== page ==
As to the specifics of this Gus Bell, it's a great looking card, and in great shape.  The yellow has maintained all it's glow and really compliments the Pirates uniform.  I believe it's also the first card I've seen where the name box isn't centered on the card.  By moving it to the right, it has the effect of centering the old Pirates logo on the card, and I have zero problems with that awesome looking logo being featured front and center.  Bell wasn't a name I was familiar with, and after looking him up, feel kind of stupid.  He was an everyday starter for the better part of his 15 year career and had a run with the Reds where he made four All-Star teams in a five year stretch.  A stretch that also included a three year run of at least 100 RBI's and 180+ hits (I still love my counting stats, and no one will ever convince me otherwise).

Stats: 15 seasons, 4x All-Star, 1,823 hits, 206 home runs, 942 RBI, .281 avg.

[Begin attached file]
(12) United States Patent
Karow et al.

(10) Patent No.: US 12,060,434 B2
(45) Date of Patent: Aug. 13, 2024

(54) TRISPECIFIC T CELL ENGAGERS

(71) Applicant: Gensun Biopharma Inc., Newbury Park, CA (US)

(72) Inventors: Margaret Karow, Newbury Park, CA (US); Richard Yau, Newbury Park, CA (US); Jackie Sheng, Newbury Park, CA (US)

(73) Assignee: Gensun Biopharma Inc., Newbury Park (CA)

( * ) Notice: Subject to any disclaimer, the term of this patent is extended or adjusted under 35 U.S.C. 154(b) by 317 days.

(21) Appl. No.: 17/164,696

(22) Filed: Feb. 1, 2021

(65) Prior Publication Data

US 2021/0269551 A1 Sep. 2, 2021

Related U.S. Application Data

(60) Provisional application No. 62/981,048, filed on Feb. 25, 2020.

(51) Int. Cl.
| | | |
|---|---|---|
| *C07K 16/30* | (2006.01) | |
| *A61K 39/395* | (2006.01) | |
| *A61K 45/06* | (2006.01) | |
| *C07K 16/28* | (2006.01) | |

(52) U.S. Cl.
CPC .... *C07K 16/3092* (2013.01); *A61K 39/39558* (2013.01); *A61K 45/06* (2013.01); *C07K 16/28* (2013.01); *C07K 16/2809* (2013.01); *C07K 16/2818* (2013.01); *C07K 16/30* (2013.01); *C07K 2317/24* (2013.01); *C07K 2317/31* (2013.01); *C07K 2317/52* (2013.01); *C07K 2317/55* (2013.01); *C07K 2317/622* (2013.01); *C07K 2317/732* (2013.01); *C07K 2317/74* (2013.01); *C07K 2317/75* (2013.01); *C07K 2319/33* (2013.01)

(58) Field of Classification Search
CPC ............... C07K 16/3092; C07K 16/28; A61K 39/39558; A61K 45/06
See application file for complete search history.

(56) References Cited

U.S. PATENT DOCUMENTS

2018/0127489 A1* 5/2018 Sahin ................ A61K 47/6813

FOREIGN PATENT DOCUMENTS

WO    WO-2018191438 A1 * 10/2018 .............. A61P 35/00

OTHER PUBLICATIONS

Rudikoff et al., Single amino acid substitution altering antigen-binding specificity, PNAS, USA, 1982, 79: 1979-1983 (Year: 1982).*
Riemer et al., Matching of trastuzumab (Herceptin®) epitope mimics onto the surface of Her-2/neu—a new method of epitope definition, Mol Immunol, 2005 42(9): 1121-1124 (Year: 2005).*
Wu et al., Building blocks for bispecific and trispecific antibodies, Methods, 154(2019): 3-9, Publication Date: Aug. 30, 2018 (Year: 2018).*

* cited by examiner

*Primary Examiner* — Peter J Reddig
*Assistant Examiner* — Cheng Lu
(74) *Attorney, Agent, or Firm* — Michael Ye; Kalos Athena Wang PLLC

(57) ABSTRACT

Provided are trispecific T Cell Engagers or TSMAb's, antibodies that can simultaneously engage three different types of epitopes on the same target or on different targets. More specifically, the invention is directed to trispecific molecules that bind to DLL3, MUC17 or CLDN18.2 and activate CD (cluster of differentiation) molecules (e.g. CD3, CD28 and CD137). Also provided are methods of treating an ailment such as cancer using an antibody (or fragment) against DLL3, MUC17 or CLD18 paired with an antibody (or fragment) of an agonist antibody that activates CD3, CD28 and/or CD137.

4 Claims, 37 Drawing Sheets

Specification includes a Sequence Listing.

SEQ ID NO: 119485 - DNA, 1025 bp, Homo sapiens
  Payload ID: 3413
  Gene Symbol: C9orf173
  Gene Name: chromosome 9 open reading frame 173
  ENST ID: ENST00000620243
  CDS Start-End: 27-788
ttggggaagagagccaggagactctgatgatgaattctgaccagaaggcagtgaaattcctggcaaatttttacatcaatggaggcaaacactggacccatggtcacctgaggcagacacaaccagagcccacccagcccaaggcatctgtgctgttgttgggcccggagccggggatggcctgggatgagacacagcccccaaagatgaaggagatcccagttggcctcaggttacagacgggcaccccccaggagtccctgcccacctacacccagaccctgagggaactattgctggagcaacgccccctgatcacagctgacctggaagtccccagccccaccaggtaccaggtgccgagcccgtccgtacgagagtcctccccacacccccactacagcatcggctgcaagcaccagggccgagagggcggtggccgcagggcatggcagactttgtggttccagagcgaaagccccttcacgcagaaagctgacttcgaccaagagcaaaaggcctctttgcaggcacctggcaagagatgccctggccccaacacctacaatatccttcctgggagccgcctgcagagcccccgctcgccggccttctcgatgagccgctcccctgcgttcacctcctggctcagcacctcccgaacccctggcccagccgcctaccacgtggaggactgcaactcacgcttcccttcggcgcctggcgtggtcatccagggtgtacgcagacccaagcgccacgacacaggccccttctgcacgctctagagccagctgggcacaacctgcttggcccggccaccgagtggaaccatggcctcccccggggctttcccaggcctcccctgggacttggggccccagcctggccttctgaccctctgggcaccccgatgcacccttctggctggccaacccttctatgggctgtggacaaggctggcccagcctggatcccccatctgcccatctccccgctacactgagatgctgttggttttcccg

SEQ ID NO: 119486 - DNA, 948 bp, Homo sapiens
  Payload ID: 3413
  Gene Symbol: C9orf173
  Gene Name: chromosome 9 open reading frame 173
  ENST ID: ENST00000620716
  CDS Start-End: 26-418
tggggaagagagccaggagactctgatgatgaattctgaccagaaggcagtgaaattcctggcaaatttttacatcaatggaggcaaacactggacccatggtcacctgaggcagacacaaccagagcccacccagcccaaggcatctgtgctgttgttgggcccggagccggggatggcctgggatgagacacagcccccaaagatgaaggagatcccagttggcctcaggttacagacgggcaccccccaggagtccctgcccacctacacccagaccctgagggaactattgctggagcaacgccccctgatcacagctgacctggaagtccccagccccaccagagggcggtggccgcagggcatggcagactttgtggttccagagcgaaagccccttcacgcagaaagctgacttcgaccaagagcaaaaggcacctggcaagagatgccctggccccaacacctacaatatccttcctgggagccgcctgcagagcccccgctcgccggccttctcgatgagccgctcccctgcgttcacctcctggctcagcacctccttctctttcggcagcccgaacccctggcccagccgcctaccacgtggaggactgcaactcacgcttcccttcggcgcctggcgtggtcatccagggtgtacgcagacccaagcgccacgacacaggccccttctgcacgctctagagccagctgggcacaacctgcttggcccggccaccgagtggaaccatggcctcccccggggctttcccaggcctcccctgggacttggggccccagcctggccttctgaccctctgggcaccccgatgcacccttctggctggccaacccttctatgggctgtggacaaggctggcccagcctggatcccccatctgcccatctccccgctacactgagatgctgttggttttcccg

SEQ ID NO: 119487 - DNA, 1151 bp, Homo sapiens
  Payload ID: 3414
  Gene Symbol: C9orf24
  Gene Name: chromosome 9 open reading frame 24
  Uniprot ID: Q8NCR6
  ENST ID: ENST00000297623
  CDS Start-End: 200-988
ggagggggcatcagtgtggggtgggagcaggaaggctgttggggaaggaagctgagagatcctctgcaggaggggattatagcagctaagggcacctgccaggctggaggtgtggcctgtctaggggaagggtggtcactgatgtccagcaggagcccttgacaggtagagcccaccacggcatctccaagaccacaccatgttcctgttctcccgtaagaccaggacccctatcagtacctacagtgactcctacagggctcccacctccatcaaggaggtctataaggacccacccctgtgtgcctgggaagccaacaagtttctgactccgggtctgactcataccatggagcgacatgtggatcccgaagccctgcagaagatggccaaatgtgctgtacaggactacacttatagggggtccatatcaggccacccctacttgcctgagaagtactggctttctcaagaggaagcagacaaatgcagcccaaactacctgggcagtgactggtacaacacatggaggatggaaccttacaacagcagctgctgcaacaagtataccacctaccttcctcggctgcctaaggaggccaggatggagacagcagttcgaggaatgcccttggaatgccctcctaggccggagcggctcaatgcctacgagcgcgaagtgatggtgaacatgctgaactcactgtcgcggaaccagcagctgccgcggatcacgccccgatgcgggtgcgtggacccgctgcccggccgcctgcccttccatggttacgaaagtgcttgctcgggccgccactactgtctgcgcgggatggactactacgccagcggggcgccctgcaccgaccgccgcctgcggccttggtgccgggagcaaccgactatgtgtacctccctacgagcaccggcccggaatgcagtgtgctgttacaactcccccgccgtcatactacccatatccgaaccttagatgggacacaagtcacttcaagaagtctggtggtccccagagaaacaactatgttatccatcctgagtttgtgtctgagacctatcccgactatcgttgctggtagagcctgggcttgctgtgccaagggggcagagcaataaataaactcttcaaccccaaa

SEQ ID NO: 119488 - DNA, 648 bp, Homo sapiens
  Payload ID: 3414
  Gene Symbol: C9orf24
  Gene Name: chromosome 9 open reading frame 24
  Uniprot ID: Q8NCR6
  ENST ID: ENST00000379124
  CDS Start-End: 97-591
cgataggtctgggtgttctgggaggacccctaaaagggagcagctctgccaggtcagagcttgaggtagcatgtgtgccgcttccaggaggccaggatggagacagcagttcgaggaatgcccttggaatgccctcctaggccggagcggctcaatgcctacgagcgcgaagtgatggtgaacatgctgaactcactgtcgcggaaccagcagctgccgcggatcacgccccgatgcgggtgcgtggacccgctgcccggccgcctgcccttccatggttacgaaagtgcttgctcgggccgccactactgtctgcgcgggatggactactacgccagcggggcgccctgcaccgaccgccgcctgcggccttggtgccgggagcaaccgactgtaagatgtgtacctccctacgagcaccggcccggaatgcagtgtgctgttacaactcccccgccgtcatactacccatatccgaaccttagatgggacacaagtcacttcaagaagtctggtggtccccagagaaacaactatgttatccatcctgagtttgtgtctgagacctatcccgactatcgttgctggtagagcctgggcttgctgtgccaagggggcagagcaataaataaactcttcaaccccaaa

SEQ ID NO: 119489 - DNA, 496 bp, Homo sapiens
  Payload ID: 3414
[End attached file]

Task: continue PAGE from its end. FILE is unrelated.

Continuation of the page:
Best Hall of Fame Showing: N/A

Below is the note from Dave.  His script is really very nice, and I feel like it just looks like the handwriting that should belong to someone with a box full of extra '52 Topps lying around.  I try to write in script as much as possible, but it's no where near as nice.  Thank for the cards Dave.


Sunday, January 29, 2017

#177 Bill Wight


#177 Bill Wight
Progress: 1st of this card
203 of 407  49.8% complete
How acquired: $2.29 on eBay
Condition: Excellent
I read an article recently about the spike in vintage card sales numbers.  A '52 Mantle graded PSA something (7 I think), sold for 13K back in 2008.  The same card,  the exact same card, sold for 113K in 2016.  I started this blog back in 2008, and early on, I was pretty picky.  I picked up a good number of cards for around a dollar.  I've felt for a few years now that the prices have risen quite a bit.  That article made me feel like I wasn't crazy.

Granted, low grade commons, or really any non-high, graded hi-number isn't in the same universe price wise as the Mantle, but I've still felt the effect to lesser degree.  "Wins" have been much tougher to come by.  Begrudgingly posting a max bid of $6-11 on cards I need has become the norm.  Just eight years ago I was refusing to go over $3 unless it was a name I had heard of and it was in decent shape.  So picking up this Wight for $2.29 at this juncture is a "win."  It's in great shape and is a very nice addition.  

Stats: 12 seasons, 77 wins, 99 loses, 3.95 ERA, 66 CG

Best Hall of Fame Showing: N/A